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Nabokov's first novel in English, one of his greatest and most overlooked, with a new Introduction by Michael Dirda.
The Real Life of Sebastian Knight, Nabokov's first novel in English, was completed in Paris in 1938, first published by New Directions in 1941, reissued in 1959 to wide critical acclaim and now relaunched again, with an appreciative introduction by Pulitzer-Prize winning critic Michael Dirda.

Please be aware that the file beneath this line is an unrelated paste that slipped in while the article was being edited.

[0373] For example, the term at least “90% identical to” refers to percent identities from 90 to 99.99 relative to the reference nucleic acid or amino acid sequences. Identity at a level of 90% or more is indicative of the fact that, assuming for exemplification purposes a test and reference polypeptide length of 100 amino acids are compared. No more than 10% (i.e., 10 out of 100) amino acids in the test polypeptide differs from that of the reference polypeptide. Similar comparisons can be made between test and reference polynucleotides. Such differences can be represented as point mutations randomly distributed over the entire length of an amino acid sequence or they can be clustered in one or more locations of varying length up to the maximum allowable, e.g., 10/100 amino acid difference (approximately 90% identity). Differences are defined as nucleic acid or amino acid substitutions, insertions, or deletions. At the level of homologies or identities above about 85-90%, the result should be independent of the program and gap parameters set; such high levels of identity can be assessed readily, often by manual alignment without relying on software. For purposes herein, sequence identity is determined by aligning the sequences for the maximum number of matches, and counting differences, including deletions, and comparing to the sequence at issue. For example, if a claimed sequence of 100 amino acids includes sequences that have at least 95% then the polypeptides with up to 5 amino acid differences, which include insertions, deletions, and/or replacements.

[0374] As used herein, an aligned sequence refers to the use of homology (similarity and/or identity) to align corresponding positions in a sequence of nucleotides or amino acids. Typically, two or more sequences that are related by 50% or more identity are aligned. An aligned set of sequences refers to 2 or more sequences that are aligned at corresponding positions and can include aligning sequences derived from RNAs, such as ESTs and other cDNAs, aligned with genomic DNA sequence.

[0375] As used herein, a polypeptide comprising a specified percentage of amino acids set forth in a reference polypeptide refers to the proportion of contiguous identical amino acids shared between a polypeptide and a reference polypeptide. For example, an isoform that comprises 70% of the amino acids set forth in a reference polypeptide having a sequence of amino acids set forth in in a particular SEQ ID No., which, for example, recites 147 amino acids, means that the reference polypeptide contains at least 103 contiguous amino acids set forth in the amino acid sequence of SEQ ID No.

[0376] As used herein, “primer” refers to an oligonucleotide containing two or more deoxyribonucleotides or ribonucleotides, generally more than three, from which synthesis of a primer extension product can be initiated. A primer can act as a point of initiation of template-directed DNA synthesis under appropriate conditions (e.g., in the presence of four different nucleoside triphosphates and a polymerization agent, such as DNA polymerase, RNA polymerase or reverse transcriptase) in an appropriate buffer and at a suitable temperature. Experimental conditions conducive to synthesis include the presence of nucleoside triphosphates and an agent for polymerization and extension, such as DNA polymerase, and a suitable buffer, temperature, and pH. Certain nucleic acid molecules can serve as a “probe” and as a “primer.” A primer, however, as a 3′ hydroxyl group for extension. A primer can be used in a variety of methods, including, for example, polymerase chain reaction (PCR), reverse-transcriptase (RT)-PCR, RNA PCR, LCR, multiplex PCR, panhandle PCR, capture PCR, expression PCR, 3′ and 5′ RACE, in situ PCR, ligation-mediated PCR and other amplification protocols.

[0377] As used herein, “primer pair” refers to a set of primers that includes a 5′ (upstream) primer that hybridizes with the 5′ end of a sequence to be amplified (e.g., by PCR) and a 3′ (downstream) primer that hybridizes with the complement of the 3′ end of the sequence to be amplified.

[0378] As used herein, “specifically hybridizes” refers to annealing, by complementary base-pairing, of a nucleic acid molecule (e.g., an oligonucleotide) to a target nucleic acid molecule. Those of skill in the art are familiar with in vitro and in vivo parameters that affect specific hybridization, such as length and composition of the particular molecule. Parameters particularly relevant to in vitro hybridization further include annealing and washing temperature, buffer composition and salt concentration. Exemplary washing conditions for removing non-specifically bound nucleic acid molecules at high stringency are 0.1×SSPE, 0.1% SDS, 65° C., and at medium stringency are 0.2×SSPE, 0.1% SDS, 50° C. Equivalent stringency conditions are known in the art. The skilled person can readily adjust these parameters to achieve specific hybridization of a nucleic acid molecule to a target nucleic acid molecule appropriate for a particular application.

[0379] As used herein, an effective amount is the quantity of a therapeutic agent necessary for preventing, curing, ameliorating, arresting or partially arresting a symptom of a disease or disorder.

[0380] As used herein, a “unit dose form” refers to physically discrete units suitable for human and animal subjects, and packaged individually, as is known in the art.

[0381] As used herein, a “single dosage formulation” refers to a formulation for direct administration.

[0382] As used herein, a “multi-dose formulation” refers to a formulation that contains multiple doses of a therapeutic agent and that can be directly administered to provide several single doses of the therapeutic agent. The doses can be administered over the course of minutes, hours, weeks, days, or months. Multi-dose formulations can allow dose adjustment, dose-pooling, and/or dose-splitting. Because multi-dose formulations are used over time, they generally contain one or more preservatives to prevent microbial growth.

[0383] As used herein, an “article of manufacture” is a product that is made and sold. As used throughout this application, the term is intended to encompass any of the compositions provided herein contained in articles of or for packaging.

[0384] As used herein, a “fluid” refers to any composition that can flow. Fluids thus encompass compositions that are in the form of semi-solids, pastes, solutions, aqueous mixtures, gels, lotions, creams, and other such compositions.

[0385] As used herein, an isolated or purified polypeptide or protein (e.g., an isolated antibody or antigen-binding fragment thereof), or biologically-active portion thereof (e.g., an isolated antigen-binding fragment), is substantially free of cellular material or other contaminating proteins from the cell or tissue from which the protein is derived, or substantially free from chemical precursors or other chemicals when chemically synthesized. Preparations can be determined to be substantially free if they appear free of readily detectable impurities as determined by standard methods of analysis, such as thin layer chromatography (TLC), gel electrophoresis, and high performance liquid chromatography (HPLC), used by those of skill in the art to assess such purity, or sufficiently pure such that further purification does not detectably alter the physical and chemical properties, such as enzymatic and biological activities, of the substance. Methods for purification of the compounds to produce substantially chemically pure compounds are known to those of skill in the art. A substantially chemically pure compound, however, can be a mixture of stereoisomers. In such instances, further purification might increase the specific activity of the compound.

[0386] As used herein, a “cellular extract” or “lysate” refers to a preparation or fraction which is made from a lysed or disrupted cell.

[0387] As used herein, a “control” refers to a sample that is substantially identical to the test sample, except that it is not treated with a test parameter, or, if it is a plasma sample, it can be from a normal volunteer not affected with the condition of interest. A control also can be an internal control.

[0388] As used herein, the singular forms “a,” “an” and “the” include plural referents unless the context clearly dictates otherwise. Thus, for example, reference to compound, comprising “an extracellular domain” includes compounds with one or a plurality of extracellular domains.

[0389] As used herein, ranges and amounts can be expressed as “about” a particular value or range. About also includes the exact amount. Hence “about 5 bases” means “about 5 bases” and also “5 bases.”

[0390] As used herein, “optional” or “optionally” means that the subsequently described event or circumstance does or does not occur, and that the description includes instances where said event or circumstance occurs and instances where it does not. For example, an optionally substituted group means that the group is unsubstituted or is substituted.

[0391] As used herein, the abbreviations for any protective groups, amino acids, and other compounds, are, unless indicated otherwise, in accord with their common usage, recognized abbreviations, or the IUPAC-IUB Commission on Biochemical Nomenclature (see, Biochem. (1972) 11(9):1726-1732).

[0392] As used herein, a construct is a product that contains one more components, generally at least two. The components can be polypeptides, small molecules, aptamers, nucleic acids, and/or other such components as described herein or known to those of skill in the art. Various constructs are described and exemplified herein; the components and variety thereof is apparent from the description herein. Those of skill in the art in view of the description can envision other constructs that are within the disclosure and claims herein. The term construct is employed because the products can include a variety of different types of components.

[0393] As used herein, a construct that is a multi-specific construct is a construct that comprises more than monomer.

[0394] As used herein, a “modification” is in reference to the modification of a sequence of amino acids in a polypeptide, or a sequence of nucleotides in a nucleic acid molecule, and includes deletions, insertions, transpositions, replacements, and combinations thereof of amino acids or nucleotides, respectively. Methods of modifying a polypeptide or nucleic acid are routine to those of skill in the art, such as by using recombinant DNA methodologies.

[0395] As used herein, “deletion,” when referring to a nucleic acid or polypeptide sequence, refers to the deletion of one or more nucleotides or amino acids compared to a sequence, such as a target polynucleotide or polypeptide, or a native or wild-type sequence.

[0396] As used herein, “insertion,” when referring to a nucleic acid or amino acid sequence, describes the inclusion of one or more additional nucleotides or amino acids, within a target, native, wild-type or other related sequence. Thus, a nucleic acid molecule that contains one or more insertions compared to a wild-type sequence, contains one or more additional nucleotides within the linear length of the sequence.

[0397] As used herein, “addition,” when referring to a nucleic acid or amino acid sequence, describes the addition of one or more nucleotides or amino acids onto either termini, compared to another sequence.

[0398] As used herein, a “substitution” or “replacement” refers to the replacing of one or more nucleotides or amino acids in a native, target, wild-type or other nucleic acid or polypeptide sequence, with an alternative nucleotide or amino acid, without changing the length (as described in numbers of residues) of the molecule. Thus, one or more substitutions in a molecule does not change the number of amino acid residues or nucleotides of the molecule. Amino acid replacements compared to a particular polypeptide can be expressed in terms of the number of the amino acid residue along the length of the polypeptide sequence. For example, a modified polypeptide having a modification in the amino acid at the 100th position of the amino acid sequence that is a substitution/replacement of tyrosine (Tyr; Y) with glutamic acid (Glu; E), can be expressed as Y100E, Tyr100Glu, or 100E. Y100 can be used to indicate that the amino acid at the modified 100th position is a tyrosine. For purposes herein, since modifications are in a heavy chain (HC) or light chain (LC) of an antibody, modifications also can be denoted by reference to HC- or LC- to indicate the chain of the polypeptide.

This, the narrator tells us, is the real life of famous author Sebastian Knight, the inside story. After Knight's death, his half-brother sets out to penetrate the mystery of the famous English novelist's life, but he is impeded by the false, the distorted, the irrelevant. Yet the search proves to be a story quite as intriguing as any of Sebastian Knight's own books, as baffling, and, in the end, as uniquely rewarding. On one level, this literary detective story has pungent points to make about the role of the artist in a society basically hostile to the creative spirit. On another, The Real Life of Sebastian Knight probes the essential problem of the ambiguity of human identity: Just who was Sebastian Knight?